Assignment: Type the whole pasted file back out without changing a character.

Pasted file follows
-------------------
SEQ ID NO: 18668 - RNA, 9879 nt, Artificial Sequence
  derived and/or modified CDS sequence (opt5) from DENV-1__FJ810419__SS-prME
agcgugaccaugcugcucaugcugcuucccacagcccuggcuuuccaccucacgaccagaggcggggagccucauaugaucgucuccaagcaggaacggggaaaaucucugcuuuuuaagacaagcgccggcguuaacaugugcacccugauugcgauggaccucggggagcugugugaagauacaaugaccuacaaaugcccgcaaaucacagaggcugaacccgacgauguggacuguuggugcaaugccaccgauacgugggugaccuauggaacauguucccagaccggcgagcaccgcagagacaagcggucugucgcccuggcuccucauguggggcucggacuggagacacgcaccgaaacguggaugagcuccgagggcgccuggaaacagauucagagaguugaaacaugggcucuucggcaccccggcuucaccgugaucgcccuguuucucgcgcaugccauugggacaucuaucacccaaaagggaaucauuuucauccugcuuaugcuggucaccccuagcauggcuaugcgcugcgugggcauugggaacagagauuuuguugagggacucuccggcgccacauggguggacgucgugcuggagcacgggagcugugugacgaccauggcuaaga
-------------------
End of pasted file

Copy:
SEQ ID NO: 18668 - RNA, 9879 nt, Artificial Sequence
  derived and/or modified CDS sequence (opt5) from DENV-1__FJ810419__SS-prME
agcgugaccaugcugcucaugcugcuucccacagcccuggcuuuccaccucacgaccagaggcggggagccucauaugaucgucuccaagcaggaacggggaaaaucucugcuuuuuaagacaagcgccggcguuaacaugugcacccugauugcgauggaccucggggagcugugugaagauacaaugaccuacaaaugcccgcaaaucacagaggcugaacccgacgauguggacuguuggugcaaugccaccgauacgugggugaccuauggaacauguucccagaccggcgagcaccgcagagacaagcggucugucgcccuggcuccucauguggggcucggacuggagacacgcaccgaaacguggaugagcuccgagggcgccuggaaacagauucagagaguugaaacaugggcucuucggcaccccggcuucaccgugaucgcccuguuucucgcgcaugccauugggacaucuaucacccaaaagggaaucauuuucauccugcuuaugcuggucaccccuagcauggcuaugcgcugcgugggcauugggaacagagauuuuguugagggacucuccggcgccacauggguggacgucgugcuggagcacgggagcugugugacgaccauggcuaaga